Beet Greens May Just Replace Kale As The Next Nutritional Powerhouse

Instead of focusing on the bulb, turn your culinary thoughts to the leaves and stems.

beet greensPhoto Credit: James Tse
Photo Credit: James Tse

What are beet greens?

Oh, beet greens. Once relegated to the garbage bin after their sweet ruby root veggies have been harvested, these leaves and stems are now replacing kale as the green du jour. With their dark leaves, crimson red veins and rich purple stems, beet greens are as pretty as they are versatile. They’re also more nutrient-dense than their roots.

Loaded with nutrients

Beet greens are loaded with carotenoid antioxidants, and research suggests that getting your fix may help reduce your risk of cataracts and eye disease. One cup of cooked beet greens also provides more than 700 percent of your daily requirements of vitamin K, 24 percent of your magnesium and 16 percent of your calcium. These three nutrients are important for supporting strong bones and teeth.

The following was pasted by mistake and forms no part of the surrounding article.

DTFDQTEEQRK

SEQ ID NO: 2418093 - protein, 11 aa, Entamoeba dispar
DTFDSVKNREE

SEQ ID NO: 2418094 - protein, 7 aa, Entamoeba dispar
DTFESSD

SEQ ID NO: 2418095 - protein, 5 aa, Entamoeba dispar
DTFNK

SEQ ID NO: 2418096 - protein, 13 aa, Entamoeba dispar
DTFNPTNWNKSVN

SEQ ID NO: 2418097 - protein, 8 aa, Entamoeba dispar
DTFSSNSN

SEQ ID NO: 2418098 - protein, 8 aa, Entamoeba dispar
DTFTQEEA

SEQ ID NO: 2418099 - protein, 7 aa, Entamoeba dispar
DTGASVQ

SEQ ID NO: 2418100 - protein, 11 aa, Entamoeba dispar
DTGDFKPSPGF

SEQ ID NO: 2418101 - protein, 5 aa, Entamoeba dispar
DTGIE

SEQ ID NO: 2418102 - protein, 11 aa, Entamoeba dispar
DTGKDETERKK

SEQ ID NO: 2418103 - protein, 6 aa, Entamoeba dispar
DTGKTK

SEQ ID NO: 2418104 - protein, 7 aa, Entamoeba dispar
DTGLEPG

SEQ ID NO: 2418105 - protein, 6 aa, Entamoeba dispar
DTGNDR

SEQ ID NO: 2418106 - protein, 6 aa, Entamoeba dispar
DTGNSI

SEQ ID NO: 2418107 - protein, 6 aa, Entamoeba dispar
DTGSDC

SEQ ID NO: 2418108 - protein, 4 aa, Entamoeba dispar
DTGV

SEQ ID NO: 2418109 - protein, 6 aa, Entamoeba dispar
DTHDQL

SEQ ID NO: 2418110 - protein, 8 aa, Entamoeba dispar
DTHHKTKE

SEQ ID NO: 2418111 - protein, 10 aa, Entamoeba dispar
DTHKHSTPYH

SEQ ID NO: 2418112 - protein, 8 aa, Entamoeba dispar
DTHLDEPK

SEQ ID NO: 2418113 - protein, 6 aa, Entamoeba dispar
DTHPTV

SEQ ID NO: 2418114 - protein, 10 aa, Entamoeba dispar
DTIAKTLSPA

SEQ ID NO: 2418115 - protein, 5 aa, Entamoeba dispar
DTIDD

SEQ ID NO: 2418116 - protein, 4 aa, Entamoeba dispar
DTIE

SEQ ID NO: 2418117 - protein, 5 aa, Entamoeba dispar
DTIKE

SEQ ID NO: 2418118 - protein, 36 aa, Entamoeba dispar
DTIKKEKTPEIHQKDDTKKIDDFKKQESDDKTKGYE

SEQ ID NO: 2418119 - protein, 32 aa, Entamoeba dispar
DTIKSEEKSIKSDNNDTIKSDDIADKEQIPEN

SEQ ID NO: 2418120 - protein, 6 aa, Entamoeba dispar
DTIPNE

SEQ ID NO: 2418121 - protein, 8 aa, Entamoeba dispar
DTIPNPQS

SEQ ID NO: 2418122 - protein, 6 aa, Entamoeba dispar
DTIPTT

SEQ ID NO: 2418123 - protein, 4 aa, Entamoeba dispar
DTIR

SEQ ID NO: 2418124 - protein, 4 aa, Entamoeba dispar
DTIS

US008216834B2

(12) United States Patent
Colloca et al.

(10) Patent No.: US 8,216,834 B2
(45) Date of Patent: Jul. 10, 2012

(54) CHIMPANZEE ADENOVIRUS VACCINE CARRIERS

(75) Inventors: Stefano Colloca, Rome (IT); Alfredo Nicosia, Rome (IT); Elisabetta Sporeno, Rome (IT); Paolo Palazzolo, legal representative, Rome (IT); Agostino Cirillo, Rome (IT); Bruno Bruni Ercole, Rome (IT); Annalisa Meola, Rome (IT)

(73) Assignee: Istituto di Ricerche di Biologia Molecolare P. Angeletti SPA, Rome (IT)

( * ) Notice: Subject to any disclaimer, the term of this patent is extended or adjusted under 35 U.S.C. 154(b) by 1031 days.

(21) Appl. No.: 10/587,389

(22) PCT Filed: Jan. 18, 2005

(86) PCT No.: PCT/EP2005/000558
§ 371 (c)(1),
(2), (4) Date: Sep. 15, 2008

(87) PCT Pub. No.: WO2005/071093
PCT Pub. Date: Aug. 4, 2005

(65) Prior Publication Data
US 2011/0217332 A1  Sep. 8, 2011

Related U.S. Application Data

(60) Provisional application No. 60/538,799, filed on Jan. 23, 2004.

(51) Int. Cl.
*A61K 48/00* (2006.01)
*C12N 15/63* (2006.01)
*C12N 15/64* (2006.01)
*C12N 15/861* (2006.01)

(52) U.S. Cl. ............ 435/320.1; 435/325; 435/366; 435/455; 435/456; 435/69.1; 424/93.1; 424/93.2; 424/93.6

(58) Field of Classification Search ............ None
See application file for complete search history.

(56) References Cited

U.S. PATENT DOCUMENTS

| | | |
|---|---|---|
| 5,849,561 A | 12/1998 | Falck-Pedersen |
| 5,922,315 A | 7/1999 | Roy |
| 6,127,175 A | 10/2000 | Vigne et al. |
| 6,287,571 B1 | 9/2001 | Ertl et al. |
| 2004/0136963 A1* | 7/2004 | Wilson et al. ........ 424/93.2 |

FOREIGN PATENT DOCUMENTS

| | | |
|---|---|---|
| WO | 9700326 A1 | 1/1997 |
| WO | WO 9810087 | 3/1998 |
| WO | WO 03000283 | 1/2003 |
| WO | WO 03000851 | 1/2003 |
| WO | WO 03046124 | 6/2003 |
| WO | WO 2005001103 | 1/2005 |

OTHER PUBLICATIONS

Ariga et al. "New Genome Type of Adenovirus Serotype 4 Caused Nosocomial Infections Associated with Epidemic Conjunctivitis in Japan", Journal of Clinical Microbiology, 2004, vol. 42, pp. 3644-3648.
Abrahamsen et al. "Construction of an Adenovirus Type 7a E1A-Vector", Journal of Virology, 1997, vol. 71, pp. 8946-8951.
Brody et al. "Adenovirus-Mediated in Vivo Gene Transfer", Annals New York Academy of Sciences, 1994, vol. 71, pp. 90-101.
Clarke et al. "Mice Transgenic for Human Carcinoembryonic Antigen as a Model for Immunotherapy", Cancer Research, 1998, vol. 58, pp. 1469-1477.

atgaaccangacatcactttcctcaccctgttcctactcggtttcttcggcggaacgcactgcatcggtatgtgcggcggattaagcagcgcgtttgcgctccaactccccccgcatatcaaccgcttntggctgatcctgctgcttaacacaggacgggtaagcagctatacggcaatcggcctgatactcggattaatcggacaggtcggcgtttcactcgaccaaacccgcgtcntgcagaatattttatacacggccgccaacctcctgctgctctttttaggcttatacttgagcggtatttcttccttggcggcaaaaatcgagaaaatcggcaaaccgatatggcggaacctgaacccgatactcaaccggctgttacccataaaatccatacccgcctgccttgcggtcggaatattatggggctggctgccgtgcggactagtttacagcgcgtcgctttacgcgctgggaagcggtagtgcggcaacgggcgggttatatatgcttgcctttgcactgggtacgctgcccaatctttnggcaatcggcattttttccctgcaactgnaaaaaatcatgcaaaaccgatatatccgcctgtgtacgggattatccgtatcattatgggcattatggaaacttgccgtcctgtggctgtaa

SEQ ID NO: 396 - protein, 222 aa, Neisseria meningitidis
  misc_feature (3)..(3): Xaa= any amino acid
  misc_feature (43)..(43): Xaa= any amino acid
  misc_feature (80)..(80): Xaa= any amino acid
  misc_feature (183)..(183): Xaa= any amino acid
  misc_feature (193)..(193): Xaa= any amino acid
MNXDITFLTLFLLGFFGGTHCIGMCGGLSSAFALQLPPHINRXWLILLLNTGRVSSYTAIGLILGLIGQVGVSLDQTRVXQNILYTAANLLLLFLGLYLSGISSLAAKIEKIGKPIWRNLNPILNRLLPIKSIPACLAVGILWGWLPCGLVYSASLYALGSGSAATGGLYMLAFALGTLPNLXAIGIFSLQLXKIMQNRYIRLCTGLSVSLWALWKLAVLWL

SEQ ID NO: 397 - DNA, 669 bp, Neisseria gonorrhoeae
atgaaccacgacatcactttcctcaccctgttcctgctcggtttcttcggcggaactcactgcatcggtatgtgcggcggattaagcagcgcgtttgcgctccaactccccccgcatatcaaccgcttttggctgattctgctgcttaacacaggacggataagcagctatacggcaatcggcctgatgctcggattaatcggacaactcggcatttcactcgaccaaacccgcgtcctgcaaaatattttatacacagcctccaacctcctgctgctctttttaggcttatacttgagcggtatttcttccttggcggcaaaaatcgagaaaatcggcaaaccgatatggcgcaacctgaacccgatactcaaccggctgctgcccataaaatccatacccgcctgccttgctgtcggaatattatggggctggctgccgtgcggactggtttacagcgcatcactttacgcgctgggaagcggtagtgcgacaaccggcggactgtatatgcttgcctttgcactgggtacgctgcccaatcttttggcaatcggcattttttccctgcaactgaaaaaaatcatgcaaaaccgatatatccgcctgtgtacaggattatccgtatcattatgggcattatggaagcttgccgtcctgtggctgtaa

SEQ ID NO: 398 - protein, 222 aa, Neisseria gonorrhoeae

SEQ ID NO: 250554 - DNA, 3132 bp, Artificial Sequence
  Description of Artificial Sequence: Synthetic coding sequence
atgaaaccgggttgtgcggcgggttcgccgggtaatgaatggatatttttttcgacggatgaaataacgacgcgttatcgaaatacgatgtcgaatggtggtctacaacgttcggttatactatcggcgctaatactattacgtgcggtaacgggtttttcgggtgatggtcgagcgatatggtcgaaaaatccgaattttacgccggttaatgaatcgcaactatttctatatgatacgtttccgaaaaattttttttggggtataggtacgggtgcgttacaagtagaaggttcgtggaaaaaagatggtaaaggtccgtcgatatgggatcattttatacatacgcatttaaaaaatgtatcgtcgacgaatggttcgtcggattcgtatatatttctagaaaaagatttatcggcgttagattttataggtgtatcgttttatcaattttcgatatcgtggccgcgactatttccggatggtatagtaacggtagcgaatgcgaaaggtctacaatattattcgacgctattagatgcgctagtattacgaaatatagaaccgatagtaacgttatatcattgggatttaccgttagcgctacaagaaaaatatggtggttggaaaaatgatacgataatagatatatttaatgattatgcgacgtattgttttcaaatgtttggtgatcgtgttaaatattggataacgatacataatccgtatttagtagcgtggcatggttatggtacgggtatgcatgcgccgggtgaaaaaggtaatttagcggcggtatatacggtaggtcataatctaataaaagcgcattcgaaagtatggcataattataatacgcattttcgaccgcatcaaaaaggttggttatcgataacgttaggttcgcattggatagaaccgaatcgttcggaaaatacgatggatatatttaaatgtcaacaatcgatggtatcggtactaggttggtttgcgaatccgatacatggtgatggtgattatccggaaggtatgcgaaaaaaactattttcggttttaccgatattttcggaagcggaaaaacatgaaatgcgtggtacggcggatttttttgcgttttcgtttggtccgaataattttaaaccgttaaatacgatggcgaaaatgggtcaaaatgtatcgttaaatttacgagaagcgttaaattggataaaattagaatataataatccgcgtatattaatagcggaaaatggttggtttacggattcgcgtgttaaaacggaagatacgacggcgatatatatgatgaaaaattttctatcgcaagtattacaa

Help support brain health

The dark, leafy green foliage of beets may also help support a healthy brain. One study found that consuming a single daily serving of these leaves may help slow cognitive decline with age. And let’s not forget about your heart: Research suggests that eating your greens, with all that vitamin K and half of your daily vitamin C needs, may help reduce your risk of cardiovascular disease. Read on to find out the truth about these seven common heart disease myths.

Want to start cooking with beet greens? Check out this Tahini Beet Green Bowl and Beet Green Pesto Linguine recipe.

Originally Published in Best Health Canada